Gregg Allman is feeling under the weather and will not be able to perform. However, his band will still be performing for free with local artist Travis Shallow opening at Greenfield Lake Amphitheater. Doors will remain at 6 p.m. with show time at 7 p.m.
“He said, ‘What you got there, little brother?’” Gregg Allman chuckles over the phone, as he remembers his brother Duane’s response when Gregg brought home his first guitar as an early teen. His answer sounds familiar to anyone with a sibling.
“‘This is capital M, capital Y—MY guitar,’” he replied. “I had gotten it from Sears and Roebuck for $21.95—that would literally make your fingers on your left hand bleed.”
Gregg and his late brother shared a passion for music from early childhood, and both would come to practice tirelessly. During their youth nothing seemed more important.
“Mom would go wake [Duane] up in the morning for school and he’d still have his guitar wrapped around his neck,” he tells. “I woke up many mornings still playing. . . . She got worried about us; we were losing weight, we didn’t go out anywhere, we just sat home and played and played and played some more. Then we started going out a lot because we had a band. And we had the best band in Daytona Beach, and I’m thinking we still do!”
What became famously known as The Allman Brothers grew in Macon, Georgia. Gregg played off and on with the band for more than four decades, even after Duane died in a motorcycle crash in 1971. Gregg has carried on their shared love for music with a new project and bigger sound, as reflected in his upcoming album, “Southern Blood.” His summer tour will bring him to Greenfield Lake on July 29.
It took about seven years for Gregg to find his new outfit of talent after he started building his current band in 2009—right around the 40th anniversary of The Allman Brothers. “I thought [the Brothers] were gonna call it quits after 40 years—because God knows that’s enough right there,” he quips. “But it was going on so well, I thought I’d hang on for another five years—we all did, brother. We’ll probably get back together and do a tour sometime, but it won’t be this year.”
Gregg’s new nine-piece is complete with Scott Sharrard (guitar), Peter Levin (keyboards), Steve Potts (drums, percussion), Marc Quiñones (drums, percussion), Brett Bass (bass), Jay Collins (horns), Art Edmaiston (horns), and Marc Franklin (horns). Despite a relatively short period of time, the communication Gregg and his band share is unparalleled. He continues to learn from them in the process.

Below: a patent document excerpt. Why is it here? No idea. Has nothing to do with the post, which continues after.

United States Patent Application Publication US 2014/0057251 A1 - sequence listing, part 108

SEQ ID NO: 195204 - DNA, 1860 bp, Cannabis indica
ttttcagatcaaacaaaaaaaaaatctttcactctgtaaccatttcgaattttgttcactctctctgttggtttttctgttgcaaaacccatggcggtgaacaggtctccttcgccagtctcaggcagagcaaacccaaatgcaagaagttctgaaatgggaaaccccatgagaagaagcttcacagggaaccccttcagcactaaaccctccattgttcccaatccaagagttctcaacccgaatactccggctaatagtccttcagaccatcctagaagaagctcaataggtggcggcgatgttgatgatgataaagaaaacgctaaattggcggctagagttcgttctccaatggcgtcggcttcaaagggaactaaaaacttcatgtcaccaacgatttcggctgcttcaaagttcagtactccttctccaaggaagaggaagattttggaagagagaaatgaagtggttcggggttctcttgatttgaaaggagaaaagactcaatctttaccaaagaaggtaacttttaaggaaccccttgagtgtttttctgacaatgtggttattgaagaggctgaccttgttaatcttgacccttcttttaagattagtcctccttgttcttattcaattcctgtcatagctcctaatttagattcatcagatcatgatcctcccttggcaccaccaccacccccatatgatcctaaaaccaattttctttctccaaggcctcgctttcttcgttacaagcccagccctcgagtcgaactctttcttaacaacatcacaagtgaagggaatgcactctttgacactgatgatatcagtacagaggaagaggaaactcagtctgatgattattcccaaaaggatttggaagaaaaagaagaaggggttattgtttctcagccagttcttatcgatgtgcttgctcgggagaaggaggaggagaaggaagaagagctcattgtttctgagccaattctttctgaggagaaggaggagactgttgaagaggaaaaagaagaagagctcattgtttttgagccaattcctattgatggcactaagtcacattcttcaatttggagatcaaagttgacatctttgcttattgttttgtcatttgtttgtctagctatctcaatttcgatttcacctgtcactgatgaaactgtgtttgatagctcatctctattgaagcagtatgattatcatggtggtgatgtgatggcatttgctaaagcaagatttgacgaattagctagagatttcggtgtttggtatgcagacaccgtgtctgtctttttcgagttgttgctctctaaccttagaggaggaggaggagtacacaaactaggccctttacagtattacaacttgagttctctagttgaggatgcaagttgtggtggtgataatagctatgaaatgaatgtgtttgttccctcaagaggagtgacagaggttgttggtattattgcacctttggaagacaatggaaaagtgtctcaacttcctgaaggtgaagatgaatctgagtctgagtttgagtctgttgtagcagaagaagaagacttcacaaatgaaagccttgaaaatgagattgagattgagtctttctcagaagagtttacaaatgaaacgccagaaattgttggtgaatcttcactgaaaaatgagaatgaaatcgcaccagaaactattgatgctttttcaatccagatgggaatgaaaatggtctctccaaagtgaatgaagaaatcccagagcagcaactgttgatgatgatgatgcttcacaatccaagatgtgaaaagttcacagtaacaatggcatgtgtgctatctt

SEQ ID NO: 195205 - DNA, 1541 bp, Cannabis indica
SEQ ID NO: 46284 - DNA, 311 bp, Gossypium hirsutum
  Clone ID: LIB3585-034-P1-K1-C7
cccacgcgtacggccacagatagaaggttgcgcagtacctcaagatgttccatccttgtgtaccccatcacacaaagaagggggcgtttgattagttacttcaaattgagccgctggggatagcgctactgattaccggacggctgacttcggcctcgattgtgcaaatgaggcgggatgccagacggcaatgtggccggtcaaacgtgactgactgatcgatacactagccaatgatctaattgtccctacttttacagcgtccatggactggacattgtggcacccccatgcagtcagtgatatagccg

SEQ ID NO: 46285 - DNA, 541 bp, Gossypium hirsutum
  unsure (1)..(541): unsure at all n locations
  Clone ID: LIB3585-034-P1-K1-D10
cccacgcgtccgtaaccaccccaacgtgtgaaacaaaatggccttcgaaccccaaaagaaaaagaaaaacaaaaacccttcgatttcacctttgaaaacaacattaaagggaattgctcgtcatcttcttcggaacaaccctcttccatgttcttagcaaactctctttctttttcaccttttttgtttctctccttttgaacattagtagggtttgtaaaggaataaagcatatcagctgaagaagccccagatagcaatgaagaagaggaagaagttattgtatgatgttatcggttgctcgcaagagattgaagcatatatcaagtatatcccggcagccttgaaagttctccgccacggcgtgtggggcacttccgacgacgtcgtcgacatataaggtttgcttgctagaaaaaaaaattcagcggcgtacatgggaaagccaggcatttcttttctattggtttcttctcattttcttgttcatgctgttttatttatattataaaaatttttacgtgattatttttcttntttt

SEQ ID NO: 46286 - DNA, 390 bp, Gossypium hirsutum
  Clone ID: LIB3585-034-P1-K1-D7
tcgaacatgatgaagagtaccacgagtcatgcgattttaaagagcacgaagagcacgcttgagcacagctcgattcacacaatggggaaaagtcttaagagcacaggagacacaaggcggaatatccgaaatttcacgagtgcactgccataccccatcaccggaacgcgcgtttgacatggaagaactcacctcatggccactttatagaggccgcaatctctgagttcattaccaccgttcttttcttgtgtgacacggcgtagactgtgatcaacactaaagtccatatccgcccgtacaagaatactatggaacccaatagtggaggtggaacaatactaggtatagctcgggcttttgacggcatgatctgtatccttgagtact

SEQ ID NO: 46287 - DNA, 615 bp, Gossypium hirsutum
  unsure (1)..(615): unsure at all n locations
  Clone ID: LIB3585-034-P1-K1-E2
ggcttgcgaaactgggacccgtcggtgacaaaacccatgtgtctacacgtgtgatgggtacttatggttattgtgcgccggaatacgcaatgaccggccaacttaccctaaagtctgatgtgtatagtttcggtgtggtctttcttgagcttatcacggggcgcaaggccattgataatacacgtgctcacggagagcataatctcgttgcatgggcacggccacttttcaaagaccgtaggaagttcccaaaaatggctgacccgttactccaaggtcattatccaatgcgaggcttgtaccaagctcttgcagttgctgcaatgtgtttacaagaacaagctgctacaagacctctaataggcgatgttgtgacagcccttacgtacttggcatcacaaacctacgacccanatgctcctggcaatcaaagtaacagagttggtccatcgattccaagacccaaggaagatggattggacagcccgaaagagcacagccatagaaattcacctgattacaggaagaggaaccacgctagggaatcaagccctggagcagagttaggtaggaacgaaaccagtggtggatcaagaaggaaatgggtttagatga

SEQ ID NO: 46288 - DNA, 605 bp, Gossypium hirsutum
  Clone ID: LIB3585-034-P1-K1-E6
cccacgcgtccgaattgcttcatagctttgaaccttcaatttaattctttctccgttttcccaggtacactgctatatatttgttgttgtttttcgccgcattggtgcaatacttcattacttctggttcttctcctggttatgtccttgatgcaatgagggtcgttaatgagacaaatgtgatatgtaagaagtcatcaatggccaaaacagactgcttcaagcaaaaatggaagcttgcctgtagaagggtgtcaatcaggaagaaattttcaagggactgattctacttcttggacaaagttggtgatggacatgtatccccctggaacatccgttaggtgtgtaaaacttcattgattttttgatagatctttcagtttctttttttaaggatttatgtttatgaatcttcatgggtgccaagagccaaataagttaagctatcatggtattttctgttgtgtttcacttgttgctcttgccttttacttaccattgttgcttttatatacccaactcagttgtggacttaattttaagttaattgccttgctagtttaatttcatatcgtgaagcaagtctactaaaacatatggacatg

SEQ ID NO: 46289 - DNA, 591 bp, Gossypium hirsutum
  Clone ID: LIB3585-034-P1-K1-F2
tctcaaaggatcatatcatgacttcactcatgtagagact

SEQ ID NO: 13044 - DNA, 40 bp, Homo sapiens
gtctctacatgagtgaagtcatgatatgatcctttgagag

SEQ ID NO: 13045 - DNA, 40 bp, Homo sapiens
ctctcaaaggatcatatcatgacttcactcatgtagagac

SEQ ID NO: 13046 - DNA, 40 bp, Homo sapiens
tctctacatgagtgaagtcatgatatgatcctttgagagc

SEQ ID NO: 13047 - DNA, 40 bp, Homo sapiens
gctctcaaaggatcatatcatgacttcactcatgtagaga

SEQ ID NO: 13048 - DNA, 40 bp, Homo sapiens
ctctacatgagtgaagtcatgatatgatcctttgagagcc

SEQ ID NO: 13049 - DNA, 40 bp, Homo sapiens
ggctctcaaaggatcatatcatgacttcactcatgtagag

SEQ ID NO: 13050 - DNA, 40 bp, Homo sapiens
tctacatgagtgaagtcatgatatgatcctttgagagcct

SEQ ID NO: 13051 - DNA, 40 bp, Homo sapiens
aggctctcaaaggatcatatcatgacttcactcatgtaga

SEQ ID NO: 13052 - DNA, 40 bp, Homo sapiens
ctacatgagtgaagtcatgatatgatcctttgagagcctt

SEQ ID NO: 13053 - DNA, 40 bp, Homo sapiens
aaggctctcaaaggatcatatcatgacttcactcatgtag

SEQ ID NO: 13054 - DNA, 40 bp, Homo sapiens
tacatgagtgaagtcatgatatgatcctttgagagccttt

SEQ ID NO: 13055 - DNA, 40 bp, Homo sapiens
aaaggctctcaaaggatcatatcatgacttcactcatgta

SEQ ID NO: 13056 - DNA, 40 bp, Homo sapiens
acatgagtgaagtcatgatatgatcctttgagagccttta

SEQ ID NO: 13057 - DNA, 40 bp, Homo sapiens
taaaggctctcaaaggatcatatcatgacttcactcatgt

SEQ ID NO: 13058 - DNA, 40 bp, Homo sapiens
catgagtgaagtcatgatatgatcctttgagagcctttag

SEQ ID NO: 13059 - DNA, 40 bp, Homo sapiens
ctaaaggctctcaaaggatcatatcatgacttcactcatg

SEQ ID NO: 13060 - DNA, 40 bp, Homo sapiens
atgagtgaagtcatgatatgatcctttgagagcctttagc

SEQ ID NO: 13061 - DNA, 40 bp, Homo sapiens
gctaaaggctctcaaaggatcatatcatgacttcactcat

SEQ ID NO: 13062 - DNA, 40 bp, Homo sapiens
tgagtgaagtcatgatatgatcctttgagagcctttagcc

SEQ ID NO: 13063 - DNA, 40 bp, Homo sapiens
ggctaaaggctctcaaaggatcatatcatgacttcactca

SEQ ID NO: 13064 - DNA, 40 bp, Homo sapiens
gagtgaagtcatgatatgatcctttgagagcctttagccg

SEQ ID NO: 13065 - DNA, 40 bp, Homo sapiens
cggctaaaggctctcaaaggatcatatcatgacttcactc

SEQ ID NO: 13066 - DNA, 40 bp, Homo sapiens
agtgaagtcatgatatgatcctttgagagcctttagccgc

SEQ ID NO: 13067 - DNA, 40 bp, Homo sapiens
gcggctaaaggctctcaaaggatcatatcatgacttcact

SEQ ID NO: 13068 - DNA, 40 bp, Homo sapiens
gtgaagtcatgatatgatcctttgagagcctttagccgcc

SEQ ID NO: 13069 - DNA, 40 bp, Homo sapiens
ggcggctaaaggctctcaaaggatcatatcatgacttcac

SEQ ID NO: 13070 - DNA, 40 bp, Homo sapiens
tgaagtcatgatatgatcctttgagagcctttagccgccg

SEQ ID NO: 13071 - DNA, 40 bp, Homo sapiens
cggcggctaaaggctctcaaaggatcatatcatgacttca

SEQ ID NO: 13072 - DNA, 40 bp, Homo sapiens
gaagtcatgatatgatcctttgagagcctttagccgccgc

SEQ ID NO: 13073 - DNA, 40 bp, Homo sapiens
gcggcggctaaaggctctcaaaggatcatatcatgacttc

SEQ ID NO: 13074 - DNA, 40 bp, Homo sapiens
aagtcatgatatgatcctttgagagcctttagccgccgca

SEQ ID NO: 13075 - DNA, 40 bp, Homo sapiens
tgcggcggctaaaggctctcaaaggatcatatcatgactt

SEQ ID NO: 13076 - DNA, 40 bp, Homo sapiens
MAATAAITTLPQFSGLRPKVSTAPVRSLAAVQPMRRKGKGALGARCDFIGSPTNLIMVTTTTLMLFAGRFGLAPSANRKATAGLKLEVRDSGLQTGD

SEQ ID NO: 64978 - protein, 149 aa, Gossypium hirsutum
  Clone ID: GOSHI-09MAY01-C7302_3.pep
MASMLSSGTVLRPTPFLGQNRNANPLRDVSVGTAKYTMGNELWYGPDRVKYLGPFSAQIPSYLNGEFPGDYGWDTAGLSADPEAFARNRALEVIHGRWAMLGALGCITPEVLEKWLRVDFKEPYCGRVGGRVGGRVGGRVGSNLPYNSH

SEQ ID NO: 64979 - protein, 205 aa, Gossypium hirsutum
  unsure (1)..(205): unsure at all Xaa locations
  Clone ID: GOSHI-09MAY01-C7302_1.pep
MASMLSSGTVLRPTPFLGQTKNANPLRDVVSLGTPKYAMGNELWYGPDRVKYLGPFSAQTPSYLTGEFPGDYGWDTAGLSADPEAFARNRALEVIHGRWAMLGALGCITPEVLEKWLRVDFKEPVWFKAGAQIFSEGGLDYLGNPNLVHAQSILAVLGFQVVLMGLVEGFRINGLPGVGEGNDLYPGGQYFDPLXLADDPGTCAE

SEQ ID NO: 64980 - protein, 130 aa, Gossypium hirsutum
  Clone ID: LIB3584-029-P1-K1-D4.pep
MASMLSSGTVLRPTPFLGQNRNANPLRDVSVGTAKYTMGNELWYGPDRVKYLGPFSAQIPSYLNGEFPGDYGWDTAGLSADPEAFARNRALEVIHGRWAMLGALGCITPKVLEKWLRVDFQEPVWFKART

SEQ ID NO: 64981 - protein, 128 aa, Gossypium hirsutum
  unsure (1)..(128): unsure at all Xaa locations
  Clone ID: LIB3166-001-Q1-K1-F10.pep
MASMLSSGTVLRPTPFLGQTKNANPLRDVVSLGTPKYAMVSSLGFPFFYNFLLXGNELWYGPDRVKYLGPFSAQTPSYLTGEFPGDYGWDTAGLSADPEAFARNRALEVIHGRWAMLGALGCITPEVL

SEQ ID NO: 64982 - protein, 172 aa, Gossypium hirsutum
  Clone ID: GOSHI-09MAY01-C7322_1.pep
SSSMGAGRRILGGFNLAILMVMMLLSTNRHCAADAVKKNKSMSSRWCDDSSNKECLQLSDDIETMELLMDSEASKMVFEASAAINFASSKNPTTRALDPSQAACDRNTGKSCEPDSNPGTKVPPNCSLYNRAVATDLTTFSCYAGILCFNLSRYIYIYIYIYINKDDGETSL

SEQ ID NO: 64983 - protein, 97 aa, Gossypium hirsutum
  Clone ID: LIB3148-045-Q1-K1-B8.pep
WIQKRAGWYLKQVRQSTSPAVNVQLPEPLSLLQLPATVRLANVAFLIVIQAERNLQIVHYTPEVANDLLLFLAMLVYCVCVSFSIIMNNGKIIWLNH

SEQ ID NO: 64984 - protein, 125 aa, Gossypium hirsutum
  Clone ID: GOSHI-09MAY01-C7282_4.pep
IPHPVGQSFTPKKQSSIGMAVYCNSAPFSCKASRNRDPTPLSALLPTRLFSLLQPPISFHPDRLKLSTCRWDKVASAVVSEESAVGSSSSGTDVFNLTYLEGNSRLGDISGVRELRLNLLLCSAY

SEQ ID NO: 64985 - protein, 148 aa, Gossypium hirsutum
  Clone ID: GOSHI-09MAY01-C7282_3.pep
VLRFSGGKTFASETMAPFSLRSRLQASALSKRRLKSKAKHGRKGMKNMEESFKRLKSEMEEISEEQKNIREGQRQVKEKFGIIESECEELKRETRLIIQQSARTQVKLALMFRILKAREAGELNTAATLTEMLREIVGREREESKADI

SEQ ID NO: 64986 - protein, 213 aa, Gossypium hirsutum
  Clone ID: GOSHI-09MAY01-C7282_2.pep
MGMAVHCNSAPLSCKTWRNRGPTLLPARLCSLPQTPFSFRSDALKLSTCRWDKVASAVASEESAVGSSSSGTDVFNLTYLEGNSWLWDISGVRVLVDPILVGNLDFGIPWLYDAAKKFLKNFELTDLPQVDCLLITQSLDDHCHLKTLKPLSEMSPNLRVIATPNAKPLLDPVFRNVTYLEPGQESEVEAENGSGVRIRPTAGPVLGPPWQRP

“I’ve been asked many times whether I like playing live or recording best,” he tells. “I say, ‘Neither is my favorite.’ My favorite is rehearsal because that’s when all the real magic happens. That’s when everything gels or doesn’t. You keep changing it until it does and that’s what I like.”
After releasing a live album “Back to Macon, GA” in 2015, “Southern Blood” offers new tunes and cover songs, as well as tracks from way back. Folks at the Greenfield Lake show can also expect to hear Brothers’ tunes he’s written over the years, though they’ve been updated to fit his new band’s big sound. In some ways, they’re being played as they were originally meant to be.
“When I would write a song for the Brothers, I would show it to them in its basic form,” he explains. “Now, I just had to rearrange them so I could get the horns in there. Now they’re the way they were actually written, like ‘Midnight Rider.’”
Gregg wrote “Midnight Rider” on the guitar, which he still plays for the reboot, but Sharrard takes on slide guitar and there’s an added trumpet part. “It gets real cosmic at the end,” Gregg describes. “Real swampy sounding, and that goes on for a long jam. It’s pretty out there, but that’s the way it was really written.”
Before playing guitar, Gregg remembers his first introduction to big-band instrumentals and their effect of breathing more soul and life into music. His mother dropped off him and Duane to his first concert, a rhythm and blue review, at 9 years old. The big-band orchestra featured horns and backup singers for various artists, including Patti LaBelle and the Bluebelles, Jackie Wilson, Otis Redding, and “some cat named” B.B. King—who was the only performer there with his own band.
“One of them had a big piece of ‘furniture’ onstage that he was playing,” Gregg remembers. “It looked like there might have been some keyboards attached to the other side of it, and the sound that came out of it was just incredible. I looked at my brother and said, ‘Man, that real mellow sound? Is that coming out of that piece of furniture?’ Finally, someone told me that it was a Hammond organ.”
Now Gregg has six Hammond organs he’s played throughout his tenure. The first of his collection was a gift from Duane. The instrument’s craftsmanship and evolution cannot be matched—an artistry seemingly lost in time and progress.
“Nowadays they make synthesizers that cover one sound,” Gregg says. “I don’t know why someone doesn’t start making them again—but why don’t they make ‘66 Thunderbirds anymore? Why don’t they make ‘58 Corvettes? I don’t know, they just don’t. They just throw stuff together nowadays and hope it sticks.”
Gregg never envisioned any fame or measurable success when he set out to learn to pick his first guitar. He was simply driven by passion. He discovered music could heal a hurting soul or mend a lovesick heart. He was intrigued by how those six silver strings could take him away. “The big blessing is to have your undying passion also be the way make your living,” Gregg says.